Unfortunately, obesity is becoming incredibly common for children in the USA. If you were to talk to young children and ask them about food, they would likely tell you it either comes from the fridge or the store. Let’s face it, most children don’t know about fresh food, gardening and things like that. 1 in 3 families in the USA have a garden or grow food, and this number is only growing. In an effort to educate them and teach them about healthier food options, why not start an edible garden?
In addition to introducing them to more healthy food options, having a garden with your preschool age children can go a long way in teaching them about responsibility. Growing and maintaining a garden isn’t always easy, but gives people a sense of pride and accomplishment when it’s finished. As you can see, there are many benefits to starting an edible garden with your children (or your students if you’re a teacher).
With that in mind, this article will look at a few tips for creating your edible garden with your children, and ensuring it will be a success.
Plant Things They Like
First of all, if you want children to be engaged and passionate about the garden, be sure to plant things they enjoy eating. If they love carrots, peas and potatoes, don’t plant tomatoes, lettuce and rhubarb only. Of course, you can plant things in addition to what they like, but having their favorites will keep them interested. If they are not into anything you’re planting, they likely won’t stick it out for the whole project.
Thankfully, being able to find and purchase whatever they like is easier than ever. There are online retailers (such as Myseedneeds.com), which have a large selection of options. Also, if they are growing things that they like, there is a much better chance that they are having fun. Of course, helping your children have fun should always be your goal as a parent or guardian. If they don’t like any veggies, them participating in growing them could change that very quickly.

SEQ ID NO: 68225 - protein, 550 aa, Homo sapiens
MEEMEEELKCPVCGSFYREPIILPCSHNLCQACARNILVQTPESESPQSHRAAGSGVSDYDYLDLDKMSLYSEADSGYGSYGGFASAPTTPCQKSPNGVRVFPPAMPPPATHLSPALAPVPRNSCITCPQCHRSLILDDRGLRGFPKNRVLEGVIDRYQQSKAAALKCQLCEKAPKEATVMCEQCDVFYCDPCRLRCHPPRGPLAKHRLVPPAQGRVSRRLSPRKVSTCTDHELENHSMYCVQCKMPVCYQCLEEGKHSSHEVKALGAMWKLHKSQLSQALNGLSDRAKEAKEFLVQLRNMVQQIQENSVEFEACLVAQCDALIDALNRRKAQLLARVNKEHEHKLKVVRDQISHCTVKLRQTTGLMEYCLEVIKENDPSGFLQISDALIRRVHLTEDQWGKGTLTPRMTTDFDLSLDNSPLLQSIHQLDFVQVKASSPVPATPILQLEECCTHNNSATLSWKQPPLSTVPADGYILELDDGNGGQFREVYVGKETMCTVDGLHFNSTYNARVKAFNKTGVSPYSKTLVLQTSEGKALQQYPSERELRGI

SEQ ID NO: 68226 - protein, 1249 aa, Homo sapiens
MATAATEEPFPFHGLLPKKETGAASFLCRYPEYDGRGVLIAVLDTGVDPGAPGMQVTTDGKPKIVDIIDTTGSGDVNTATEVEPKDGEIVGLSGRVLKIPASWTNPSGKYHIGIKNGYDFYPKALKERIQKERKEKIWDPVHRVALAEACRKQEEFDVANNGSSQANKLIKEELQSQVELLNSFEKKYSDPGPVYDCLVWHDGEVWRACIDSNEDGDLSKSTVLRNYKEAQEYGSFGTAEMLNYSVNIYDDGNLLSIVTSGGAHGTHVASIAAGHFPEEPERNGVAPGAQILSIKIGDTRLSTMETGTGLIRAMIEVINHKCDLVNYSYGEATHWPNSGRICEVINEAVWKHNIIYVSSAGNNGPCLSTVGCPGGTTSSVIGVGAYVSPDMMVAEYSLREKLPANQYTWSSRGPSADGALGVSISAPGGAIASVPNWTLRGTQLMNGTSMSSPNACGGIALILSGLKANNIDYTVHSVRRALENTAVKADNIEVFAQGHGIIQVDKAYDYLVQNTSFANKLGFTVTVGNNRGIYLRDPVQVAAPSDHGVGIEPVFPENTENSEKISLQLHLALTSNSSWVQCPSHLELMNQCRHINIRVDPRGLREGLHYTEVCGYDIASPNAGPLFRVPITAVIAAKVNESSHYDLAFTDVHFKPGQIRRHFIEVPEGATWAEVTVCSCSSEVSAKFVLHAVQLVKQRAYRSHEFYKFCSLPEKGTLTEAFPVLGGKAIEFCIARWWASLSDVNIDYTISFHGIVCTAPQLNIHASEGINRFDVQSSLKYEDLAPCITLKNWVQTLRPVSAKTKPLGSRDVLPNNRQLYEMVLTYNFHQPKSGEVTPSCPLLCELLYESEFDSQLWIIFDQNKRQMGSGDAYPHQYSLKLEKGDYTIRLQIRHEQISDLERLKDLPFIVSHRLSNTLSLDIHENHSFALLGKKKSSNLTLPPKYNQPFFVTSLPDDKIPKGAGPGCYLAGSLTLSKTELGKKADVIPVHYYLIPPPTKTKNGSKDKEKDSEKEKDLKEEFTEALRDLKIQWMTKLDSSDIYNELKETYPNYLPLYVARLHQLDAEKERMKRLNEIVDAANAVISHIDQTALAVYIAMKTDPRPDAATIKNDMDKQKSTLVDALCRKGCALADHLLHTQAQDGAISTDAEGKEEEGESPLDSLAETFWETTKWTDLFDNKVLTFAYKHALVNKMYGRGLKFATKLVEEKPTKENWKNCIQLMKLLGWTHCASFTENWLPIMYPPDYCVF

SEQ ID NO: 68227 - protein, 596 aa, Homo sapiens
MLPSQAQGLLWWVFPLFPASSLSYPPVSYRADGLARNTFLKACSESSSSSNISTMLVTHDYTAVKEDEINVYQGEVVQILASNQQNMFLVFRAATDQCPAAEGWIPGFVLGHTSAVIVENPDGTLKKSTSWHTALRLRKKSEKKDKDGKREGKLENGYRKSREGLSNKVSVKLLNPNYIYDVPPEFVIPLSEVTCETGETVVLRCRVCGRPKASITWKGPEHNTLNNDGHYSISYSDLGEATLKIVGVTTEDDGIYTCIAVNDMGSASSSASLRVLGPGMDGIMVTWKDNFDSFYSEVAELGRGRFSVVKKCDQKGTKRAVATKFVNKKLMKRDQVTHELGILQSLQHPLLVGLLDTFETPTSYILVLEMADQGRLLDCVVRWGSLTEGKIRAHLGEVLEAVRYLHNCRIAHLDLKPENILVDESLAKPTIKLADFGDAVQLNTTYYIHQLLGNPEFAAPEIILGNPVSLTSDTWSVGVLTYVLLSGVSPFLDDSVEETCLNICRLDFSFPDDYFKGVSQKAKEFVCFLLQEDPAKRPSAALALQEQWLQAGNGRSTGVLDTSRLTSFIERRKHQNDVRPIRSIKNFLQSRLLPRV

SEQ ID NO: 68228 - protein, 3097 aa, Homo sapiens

Be Patient With Them
Of course, these children you’ll be working with are still children, so be patient. They may go through a lot of confusion, have a lot of questions and mess up a few times before they find success. If you guide them and educate them along the way, instead of rushing them through the gardening steps, your results will be much more fruitful.
This patience they see exhibited and learn in this process can also carry over to other parts of their lives. If they are patient enough to grow a couple of plants over a few months, they already have a much higher capacity for patience than most children their age.
Involve Them in the Entire Process
If you want your preschool edible garden to be a success in every sense of the word, involve the children in every part of the gardening process. Planting the seeds, watering them, harvesting them and anything else you need to do. This will not only teach them about the various stages of the life cycle of what they planted but will help them be prideful. If they only participate in the planting or harvesting, they will not be as invested in the garden.
While this may not be easy, and children may not want to see the project through, the least you can do is try. Each step of the process can teach children a different life lesson that they can take beyond this garden.
In conclusion, hopefully, this blog post has helped you be able to grow preschool edible gardens. It’s not always easy, but it can be a great tool to teach children about responsibility and also about the merits of healthy and natural food.